Claire Ashmead '12, Erika Jobson '12, Joyce Guo '13 and Isabella Nilsson '16 are national winners in this year's Scholastic Art & Writing Awards competition. These students each received awards for their original works of creative writing. Of the seven awards in the Writing category given to students in the Northeast Ohio region, five were claimed by HB girls.
Claire Ashmead won an American Voices Medal (a "Best in Region" designation) for her poetry. Erika Jobson was awarded a Silver Medal for her personal essay/memoir. Joyce Guo won two Silver Medals: one for short story, one for humor writing. And Isabella Nilsson received a Silver Medal for flash fiction.
All of these students have been invited to a National Awards Ceremony at Carnegie Hall in New York City in June, where they will be recognized for their achievements, along with their teachers. Ashmead, Jobson, and Guo are mentored by Scott Parsons, director of HB's Osborne Writing Center. Nilsson's writing mentor is Middle School English teacher Susan Levitan.
Congratulations to these award-winning writers!
About the Scholastic Art & Writing Awards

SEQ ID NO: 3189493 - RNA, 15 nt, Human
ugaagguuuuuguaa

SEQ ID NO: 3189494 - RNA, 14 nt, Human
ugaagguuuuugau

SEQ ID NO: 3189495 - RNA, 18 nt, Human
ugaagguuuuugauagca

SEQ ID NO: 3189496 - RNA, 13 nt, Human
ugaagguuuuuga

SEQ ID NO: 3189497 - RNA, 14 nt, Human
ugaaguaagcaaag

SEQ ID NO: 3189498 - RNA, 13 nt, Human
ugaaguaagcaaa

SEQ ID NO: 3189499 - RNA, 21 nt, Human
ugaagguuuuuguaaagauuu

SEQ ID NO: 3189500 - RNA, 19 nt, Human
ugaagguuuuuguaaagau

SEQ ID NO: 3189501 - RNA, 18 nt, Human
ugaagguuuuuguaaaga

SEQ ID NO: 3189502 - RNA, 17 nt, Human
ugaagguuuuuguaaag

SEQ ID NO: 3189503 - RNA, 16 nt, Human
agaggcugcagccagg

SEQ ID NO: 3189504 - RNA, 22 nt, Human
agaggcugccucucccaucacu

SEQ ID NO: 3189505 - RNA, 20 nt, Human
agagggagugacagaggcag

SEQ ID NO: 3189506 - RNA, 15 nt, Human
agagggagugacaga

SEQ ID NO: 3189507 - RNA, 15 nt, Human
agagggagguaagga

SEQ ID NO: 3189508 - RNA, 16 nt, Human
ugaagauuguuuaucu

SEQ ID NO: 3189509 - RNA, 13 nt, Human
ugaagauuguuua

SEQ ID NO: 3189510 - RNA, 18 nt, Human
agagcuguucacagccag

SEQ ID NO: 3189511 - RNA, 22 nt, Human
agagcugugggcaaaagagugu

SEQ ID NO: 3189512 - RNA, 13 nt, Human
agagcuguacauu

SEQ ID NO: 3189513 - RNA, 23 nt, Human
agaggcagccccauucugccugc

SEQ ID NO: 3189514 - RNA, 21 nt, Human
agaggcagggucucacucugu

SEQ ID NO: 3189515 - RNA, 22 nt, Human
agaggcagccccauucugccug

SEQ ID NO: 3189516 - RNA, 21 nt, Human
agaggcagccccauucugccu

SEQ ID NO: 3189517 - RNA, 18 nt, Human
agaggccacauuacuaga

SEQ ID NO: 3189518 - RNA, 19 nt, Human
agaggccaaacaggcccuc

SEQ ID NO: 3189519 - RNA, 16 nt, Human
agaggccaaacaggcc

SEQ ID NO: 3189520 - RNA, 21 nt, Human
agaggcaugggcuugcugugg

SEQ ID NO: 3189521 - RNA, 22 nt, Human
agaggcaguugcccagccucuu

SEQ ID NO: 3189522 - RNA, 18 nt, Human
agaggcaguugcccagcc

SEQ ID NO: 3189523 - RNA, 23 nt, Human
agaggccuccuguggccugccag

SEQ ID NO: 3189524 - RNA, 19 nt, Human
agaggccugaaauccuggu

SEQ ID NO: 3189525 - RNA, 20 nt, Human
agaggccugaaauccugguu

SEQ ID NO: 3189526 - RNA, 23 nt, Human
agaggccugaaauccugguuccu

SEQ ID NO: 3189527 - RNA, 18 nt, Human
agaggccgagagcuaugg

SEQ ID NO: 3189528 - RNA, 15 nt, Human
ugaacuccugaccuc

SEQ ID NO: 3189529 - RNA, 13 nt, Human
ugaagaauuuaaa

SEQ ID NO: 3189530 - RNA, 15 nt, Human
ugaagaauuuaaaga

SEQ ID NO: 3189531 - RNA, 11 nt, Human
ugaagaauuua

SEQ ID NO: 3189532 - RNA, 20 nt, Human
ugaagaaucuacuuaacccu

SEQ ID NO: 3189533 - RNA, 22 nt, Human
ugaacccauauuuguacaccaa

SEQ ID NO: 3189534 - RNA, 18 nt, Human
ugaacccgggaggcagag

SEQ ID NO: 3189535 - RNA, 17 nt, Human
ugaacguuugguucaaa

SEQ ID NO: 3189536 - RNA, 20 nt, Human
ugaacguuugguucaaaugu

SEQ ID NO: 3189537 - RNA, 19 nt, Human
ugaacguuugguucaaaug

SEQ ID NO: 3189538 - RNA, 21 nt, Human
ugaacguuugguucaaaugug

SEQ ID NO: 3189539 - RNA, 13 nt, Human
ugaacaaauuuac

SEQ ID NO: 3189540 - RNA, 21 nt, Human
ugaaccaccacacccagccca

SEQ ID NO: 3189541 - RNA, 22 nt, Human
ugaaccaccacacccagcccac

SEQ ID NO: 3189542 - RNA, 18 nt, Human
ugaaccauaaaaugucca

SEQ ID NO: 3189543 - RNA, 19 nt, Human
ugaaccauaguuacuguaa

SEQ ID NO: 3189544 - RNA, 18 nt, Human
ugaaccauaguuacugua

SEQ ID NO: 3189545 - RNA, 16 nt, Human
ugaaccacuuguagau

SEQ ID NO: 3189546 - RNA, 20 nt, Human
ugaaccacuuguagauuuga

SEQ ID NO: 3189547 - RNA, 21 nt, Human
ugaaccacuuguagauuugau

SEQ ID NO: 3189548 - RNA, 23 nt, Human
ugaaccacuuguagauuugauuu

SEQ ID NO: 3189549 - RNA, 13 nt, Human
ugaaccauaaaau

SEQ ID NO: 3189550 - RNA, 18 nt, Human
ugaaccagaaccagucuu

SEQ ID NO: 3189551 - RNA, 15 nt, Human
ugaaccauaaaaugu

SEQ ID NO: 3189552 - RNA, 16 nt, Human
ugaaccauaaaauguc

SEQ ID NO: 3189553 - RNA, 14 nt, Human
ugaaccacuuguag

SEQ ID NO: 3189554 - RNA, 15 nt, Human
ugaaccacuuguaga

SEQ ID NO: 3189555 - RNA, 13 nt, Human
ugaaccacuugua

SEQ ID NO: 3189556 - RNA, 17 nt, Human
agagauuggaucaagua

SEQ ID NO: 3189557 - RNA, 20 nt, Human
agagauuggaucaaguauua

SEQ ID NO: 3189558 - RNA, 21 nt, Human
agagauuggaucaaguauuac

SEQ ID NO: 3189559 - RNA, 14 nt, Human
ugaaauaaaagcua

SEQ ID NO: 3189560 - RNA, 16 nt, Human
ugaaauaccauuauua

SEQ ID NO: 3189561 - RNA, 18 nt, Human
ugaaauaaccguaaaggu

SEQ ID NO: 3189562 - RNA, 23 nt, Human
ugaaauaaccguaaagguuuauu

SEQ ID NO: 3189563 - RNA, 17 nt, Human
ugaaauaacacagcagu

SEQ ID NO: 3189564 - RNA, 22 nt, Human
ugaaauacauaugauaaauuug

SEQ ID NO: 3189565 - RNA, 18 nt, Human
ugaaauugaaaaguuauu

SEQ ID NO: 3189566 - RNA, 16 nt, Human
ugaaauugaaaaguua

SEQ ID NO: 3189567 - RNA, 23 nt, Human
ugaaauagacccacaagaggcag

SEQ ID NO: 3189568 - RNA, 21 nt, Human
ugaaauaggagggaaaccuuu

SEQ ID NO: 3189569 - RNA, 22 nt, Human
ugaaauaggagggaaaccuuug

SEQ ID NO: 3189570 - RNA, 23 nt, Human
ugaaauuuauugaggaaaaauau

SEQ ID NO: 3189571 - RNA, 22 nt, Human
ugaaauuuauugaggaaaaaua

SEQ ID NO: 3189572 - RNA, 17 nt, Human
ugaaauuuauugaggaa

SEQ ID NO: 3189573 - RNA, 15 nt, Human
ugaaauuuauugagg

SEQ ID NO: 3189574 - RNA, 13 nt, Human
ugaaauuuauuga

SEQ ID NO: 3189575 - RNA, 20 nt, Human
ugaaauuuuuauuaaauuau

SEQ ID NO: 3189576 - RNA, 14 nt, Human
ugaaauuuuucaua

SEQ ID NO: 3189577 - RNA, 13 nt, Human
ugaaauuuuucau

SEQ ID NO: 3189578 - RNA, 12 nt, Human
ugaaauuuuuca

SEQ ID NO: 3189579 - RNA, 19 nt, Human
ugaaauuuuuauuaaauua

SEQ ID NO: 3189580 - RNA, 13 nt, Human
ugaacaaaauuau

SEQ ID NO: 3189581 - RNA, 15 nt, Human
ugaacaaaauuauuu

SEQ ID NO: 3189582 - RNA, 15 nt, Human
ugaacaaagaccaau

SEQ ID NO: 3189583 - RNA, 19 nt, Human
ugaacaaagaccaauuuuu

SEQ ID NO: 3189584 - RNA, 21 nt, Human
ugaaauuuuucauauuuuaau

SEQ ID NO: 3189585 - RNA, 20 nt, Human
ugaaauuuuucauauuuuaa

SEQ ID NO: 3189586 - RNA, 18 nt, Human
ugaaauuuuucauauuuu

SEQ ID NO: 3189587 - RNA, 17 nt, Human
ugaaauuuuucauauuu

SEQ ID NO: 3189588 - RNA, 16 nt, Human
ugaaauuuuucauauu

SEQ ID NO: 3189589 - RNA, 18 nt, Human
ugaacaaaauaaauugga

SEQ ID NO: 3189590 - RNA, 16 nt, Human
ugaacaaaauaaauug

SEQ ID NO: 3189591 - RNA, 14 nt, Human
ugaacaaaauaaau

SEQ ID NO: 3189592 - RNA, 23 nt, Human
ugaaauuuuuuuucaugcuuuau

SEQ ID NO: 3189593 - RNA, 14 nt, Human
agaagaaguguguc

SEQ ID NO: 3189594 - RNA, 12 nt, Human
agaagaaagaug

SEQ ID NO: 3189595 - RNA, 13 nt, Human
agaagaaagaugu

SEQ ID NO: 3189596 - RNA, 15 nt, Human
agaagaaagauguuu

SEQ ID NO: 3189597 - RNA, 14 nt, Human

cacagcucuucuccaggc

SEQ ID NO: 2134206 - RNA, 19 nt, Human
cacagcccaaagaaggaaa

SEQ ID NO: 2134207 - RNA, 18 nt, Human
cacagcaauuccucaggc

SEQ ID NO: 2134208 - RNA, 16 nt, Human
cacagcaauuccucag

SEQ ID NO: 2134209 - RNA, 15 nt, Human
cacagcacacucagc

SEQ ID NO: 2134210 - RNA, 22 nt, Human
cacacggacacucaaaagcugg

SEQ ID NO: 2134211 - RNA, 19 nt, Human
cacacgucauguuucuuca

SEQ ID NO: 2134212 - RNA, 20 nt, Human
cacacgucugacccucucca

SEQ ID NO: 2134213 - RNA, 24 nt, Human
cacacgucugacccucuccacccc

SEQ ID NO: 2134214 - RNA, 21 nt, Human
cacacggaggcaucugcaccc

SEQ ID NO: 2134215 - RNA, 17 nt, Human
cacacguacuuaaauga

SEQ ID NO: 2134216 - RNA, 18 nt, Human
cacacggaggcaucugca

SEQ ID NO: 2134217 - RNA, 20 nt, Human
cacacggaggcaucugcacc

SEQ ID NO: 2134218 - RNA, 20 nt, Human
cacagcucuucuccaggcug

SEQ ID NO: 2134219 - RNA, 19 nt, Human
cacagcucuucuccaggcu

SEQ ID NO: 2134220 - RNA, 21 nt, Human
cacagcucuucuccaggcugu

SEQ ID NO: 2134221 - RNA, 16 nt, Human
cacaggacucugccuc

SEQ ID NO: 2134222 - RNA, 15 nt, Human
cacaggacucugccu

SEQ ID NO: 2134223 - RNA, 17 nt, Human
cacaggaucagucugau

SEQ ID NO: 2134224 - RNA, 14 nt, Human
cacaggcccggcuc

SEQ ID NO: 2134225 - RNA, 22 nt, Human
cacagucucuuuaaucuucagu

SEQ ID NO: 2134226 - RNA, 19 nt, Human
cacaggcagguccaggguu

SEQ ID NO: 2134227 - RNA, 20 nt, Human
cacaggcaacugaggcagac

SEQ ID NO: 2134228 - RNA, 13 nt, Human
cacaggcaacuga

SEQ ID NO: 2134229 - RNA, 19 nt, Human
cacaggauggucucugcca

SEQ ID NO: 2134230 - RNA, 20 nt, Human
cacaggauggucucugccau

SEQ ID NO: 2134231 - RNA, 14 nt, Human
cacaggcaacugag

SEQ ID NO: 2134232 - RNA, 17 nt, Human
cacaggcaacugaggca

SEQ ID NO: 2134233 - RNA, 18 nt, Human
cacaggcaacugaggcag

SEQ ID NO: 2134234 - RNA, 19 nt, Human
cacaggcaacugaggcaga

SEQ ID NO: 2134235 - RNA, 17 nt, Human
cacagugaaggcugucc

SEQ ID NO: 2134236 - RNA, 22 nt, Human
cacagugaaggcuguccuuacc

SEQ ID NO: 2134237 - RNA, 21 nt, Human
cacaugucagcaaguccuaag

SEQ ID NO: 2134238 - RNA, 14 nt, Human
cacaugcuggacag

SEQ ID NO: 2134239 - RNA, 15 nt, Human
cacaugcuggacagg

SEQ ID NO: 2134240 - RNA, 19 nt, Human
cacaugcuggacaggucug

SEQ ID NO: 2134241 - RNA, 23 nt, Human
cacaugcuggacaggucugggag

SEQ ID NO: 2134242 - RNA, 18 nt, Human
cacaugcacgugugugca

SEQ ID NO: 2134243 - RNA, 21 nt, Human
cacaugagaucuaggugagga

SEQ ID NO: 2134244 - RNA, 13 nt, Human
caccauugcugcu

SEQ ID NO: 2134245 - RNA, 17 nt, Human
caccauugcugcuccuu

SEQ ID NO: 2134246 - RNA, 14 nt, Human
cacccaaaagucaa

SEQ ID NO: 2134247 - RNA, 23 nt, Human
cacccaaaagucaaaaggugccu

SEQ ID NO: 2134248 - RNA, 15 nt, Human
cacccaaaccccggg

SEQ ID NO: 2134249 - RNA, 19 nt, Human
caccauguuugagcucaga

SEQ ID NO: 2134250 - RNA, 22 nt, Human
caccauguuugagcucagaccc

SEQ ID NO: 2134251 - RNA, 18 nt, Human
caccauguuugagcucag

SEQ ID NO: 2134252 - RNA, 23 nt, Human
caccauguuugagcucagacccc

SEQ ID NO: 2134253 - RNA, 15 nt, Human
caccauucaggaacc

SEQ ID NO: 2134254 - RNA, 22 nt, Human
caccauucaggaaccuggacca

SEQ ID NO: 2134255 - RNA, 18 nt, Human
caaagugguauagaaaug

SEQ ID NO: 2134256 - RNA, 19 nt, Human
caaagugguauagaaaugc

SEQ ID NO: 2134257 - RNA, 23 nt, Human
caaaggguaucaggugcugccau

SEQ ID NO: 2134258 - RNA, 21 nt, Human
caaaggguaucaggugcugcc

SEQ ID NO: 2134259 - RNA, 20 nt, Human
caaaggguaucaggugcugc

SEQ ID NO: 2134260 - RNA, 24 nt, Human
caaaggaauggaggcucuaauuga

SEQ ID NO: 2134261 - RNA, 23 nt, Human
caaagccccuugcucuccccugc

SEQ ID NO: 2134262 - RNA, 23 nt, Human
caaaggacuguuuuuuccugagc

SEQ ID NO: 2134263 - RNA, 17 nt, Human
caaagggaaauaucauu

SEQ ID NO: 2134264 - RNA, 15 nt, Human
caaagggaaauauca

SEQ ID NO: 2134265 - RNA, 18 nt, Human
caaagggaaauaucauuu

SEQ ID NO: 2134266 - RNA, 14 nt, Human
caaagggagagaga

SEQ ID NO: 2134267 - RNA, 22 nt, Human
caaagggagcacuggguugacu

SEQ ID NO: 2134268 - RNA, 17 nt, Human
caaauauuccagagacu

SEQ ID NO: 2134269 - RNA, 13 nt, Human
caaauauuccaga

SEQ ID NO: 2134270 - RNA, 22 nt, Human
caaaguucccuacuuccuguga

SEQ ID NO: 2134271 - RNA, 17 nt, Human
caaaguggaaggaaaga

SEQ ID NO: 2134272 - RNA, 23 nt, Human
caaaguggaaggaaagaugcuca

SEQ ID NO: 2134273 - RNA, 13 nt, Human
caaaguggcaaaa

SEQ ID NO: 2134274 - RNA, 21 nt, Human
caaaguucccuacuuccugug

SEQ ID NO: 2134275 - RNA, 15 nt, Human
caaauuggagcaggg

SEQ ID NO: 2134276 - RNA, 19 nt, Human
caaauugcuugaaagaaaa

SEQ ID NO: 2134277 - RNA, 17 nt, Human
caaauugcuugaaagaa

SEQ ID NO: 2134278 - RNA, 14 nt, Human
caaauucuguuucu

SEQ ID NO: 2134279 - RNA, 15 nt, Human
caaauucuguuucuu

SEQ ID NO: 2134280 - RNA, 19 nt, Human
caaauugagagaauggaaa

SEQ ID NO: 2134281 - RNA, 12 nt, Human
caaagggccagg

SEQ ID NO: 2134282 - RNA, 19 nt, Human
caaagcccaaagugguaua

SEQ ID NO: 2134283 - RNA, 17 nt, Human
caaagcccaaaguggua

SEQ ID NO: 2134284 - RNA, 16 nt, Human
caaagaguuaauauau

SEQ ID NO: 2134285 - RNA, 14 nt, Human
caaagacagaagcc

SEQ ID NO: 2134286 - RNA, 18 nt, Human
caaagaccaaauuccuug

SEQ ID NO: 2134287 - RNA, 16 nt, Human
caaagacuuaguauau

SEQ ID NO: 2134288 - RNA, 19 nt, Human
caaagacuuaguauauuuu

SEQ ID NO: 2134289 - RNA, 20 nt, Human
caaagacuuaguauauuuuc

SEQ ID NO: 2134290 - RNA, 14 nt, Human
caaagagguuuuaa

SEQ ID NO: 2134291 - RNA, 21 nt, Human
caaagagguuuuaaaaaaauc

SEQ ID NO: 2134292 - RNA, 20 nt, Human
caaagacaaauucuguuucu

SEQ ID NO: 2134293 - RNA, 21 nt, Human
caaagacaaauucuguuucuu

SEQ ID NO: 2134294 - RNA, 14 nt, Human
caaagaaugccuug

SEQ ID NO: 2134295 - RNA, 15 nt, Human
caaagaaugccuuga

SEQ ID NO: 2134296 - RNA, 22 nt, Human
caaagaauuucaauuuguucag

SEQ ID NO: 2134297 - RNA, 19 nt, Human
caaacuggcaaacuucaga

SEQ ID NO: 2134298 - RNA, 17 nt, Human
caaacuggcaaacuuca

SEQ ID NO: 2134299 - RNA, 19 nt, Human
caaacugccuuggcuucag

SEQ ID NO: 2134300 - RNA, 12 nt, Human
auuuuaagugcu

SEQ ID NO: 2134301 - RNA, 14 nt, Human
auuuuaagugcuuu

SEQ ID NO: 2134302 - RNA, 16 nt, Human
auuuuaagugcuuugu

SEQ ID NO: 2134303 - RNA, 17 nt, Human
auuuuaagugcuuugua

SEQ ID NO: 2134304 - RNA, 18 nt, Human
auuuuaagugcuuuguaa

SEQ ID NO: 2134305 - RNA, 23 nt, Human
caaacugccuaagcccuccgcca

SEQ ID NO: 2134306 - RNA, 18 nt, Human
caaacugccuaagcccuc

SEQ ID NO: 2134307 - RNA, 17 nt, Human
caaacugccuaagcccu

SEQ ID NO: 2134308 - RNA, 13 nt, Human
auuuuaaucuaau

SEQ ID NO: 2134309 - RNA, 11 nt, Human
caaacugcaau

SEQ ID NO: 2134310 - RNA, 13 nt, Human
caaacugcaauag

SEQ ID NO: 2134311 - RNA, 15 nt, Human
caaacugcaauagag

The Scholastic Art & Writing Awards have an impressive legacy dating back to 1923 and a noteworthy roster of past winners including Andy Warhol, Sylvia Plath, Truman Capote, Richard Avedon, Robert Redford and Joyce Carol Oates.
The Awards are an important opportunity for students to be recognized for their creative talents. Each year, the Alliance partners with more than 100 visual and literary-arts focused organizations across the country to bring The Awards to local communities. Teens in grades 7 through 12 can apply in 28 categories of art and writing for the chance to earn scholarships and have their works exhibited or published.
Submissions are juried by luminaries in the visual and literary arts, some of whom are past award recipients. Panelists look for works that best exemplify originality, technical skill and the emergence of a personal voice or vision.
To date, the Awards have encouraged over 13 million students, recognized more than 9 million young artists and writers, and made available more than $25 million in awards and scholarships. They continue to be the longest-running, most prestigious recognition program for creative teens in the U.S., and the largest source of scholarships for young artists and writers.